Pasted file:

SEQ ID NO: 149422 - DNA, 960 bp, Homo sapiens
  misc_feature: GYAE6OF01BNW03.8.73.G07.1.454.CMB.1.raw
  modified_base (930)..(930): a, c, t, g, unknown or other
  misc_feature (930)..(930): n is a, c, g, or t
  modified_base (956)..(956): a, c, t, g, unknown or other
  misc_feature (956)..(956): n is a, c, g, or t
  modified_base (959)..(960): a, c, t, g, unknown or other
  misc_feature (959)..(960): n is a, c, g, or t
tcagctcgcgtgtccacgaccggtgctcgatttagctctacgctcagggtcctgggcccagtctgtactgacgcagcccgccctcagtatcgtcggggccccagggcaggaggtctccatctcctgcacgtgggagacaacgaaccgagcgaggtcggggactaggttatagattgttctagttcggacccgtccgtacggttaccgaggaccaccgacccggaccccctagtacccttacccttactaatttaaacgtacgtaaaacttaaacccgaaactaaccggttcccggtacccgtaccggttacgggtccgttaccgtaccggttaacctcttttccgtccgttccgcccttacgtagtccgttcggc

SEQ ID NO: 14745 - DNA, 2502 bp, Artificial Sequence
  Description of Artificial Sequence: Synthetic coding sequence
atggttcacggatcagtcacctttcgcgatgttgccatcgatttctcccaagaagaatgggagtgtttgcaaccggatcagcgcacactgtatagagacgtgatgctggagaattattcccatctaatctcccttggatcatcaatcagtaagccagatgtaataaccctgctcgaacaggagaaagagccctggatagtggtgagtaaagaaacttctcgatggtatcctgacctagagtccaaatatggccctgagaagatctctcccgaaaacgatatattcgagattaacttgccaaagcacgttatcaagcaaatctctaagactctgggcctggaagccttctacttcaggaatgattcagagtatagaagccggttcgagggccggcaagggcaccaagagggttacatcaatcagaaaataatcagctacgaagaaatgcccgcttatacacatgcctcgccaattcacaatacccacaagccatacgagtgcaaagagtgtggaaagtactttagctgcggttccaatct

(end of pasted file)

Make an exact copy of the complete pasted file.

SEQ ID NO: 149422 - DNA, 960 bp, Homo sapiens
  misc_feature: GYAE6OF01BNW03.8.73.G07.1.454.CMB.1.raw
  modified_base (930)..(930): a, c, t, g, unknown or other
  misc_feature (930)..(930): n is a, c, g, or t
  modified_base (956)..(956): a, c, t, g, unknown or other
  misc_feature (956)..(956): n is a, c, g, or t
  modified_base (959)..(960): a, c, t, g, unknown or other
  misc_feature (959)..(960): n is a, c, g, or t
tcagctcgcgtgtccacgaccggtgctcgatttagctctacgctcagggtcctgggcccagtctgtactgacgcagcccgccctcagtatcgtcggggccccagggcaggaggtctccatctcctgcacgtgggagacaacgaaccgagcgaggtcggggactaggttatagattgttctagttcggacccgtccgtacggttaccgaggaccaccgacccggaccccctagtacccttacccttactaatttaaacgtacgtaaaacttaaacccgaaactaaccggttcccggtacccgtaccggttacgggtccgttaccgtaccggttaacctcttttccgtccgttccgcccttacgtagtccgttcggc

SEQ ID NO: 14745 - DNA, 2502 bp, Artificial Sequence
  Description of Artificial Sequence: Synthetic coding sequence
atggttcacggatcagtcacctttcgcgatgttgccatcgatttctcccaagaagaatgggagtgtttgcaaccggatcagcgcacactgtatagagacgtgatgctggagaattattcccatctaatctcccttggatcatcaatcagtaagccagatgtaataaccctgctcgaacaggagaaagagccctggatagtggtgagtaaagaaacttctcgatggtatcctgacctagagtccaaatatggccctgagaagatctctcccgaaaacgatatattcgagattaacttgccaaagcacgttatcaagcaaatctctaagactctgggcctggaagccttctacttcaggaatgattcagagtatagaagccggttcgagggccggcaagggcaccaagagggttacatcaatcagaaaataatcagctacgaagaaatgcccgcttatacacatgcctcgccaattcacaatacccacaagccatacgagtgcaaagagtgtggaaagtactttagctgcggttccaatct